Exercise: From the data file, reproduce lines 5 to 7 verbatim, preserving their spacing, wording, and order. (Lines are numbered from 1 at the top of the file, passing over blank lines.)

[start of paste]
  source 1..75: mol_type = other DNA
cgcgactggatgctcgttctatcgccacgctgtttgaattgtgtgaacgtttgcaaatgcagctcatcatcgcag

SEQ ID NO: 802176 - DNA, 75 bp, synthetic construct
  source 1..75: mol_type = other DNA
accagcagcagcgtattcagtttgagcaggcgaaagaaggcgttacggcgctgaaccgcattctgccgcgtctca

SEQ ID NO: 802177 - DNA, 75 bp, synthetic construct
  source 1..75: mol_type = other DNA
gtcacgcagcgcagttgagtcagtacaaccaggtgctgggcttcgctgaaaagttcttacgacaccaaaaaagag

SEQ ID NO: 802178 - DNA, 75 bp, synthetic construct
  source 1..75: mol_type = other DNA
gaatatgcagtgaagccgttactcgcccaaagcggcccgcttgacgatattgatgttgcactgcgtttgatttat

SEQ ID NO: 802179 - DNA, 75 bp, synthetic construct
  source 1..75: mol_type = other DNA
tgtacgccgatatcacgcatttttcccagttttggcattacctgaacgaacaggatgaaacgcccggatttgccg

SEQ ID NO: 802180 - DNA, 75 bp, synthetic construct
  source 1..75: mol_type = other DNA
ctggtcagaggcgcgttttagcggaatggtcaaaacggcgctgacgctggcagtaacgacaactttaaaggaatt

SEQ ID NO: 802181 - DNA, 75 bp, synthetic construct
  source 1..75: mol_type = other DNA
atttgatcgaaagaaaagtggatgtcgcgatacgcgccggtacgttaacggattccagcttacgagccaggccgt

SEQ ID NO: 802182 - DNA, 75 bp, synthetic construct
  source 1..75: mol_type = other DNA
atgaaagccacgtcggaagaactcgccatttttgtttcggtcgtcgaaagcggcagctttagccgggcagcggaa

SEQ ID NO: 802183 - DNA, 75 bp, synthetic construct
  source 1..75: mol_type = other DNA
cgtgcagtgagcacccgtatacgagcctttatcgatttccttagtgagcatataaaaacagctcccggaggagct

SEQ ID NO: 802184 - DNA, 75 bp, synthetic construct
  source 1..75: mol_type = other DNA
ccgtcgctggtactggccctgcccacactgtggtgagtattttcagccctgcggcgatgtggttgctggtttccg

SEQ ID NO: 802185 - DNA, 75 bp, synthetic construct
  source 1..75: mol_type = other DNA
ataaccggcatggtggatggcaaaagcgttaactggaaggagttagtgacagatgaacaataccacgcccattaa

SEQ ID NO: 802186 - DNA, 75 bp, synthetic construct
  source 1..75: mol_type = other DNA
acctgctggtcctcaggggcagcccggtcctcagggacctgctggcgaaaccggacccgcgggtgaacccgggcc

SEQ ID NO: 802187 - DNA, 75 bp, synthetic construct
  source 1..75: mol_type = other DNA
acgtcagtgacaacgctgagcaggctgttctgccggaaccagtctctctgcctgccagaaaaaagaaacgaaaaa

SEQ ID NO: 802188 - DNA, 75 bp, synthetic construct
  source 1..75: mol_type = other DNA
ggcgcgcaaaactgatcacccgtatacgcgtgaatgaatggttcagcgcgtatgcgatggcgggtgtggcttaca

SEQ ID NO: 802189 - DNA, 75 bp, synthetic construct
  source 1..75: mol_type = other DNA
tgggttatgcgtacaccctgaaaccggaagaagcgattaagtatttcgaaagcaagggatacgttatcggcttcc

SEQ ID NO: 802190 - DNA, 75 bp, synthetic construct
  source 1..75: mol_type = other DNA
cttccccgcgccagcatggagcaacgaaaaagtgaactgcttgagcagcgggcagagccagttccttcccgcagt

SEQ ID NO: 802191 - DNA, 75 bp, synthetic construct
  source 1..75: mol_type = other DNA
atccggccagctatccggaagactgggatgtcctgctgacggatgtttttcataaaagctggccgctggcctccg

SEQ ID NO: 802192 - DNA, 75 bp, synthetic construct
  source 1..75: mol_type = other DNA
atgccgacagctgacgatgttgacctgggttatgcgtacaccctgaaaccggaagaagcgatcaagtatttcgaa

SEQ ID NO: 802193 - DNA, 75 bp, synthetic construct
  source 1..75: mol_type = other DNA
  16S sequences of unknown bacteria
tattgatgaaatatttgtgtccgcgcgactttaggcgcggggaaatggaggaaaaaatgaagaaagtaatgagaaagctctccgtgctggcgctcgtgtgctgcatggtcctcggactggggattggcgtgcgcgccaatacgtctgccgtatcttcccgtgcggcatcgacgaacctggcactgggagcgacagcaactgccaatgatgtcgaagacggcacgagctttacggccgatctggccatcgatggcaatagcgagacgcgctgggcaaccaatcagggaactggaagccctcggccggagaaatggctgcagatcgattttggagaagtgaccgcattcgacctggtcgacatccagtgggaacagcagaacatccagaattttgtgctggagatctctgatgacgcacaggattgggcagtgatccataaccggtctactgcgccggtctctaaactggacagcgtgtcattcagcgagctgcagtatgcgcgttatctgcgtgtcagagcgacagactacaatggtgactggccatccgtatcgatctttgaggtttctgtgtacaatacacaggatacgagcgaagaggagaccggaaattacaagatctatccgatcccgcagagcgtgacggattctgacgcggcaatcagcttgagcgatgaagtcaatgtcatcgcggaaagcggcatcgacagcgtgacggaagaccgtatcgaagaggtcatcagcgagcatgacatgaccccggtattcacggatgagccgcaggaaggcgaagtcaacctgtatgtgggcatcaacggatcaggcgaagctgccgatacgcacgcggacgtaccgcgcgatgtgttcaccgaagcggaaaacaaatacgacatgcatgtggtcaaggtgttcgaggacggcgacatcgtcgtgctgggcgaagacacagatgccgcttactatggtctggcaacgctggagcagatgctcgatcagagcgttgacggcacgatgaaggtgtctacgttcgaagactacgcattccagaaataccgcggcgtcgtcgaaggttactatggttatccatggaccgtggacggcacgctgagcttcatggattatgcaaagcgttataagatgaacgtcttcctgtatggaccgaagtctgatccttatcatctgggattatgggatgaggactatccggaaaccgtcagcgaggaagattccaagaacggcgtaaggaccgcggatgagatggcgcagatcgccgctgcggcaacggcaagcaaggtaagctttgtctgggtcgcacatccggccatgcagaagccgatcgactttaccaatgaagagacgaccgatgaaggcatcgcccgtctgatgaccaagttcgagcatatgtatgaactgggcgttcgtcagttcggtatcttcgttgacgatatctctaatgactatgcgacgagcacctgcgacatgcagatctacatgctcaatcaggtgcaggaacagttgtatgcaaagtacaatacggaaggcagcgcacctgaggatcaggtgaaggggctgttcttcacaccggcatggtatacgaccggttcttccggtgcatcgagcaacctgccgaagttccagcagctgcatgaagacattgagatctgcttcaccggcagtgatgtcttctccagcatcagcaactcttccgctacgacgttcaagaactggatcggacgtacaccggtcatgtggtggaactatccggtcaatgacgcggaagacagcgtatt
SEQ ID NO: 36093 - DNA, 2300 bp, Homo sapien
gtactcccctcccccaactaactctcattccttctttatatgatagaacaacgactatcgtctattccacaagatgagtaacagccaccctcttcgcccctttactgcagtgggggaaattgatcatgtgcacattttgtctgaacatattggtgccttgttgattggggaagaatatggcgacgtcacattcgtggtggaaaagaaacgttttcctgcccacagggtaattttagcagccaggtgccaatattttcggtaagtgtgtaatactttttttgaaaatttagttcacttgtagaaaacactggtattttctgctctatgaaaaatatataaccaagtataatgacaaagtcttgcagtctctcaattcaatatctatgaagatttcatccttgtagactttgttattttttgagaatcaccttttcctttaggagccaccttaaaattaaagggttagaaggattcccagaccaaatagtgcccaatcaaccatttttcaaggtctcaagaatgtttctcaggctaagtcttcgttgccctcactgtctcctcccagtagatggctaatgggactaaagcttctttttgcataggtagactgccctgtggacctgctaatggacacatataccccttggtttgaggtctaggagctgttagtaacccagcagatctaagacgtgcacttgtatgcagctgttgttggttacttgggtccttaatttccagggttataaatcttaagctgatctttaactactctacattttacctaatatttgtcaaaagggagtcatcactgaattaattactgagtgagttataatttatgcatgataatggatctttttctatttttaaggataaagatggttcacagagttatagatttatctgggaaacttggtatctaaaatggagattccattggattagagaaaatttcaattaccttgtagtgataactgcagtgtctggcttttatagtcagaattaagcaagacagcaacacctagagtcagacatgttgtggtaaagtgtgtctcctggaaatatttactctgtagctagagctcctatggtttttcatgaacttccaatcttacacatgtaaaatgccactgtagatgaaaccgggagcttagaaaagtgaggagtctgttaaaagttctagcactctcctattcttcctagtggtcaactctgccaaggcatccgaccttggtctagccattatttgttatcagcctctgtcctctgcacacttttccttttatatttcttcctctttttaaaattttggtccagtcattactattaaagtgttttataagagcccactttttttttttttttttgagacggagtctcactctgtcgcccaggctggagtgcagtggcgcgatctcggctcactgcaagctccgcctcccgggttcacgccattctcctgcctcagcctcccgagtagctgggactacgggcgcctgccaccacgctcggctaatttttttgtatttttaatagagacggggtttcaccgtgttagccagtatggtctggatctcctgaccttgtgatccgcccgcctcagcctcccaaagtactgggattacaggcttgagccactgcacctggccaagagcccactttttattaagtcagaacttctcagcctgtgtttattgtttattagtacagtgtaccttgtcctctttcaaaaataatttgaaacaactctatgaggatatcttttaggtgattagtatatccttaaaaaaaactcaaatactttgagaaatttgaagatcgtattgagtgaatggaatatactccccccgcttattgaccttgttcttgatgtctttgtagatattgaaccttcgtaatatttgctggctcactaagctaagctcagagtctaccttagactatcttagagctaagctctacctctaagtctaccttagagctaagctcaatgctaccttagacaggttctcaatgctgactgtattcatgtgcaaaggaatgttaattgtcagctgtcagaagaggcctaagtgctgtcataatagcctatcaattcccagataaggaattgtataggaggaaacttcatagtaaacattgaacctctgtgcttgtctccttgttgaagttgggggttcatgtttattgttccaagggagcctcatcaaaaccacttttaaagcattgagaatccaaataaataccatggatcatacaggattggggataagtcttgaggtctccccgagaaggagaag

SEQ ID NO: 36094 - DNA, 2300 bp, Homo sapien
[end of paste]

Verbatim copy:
accagcagcagcgtattcagtttgagcaggcgaaagaaggcgttacggcgctgaaccgcattctgccgcgtctca

SEQ ID NO: 802177 - DNA, 75 bp, synthetic construct
  source 1..75: mol_type = other DNA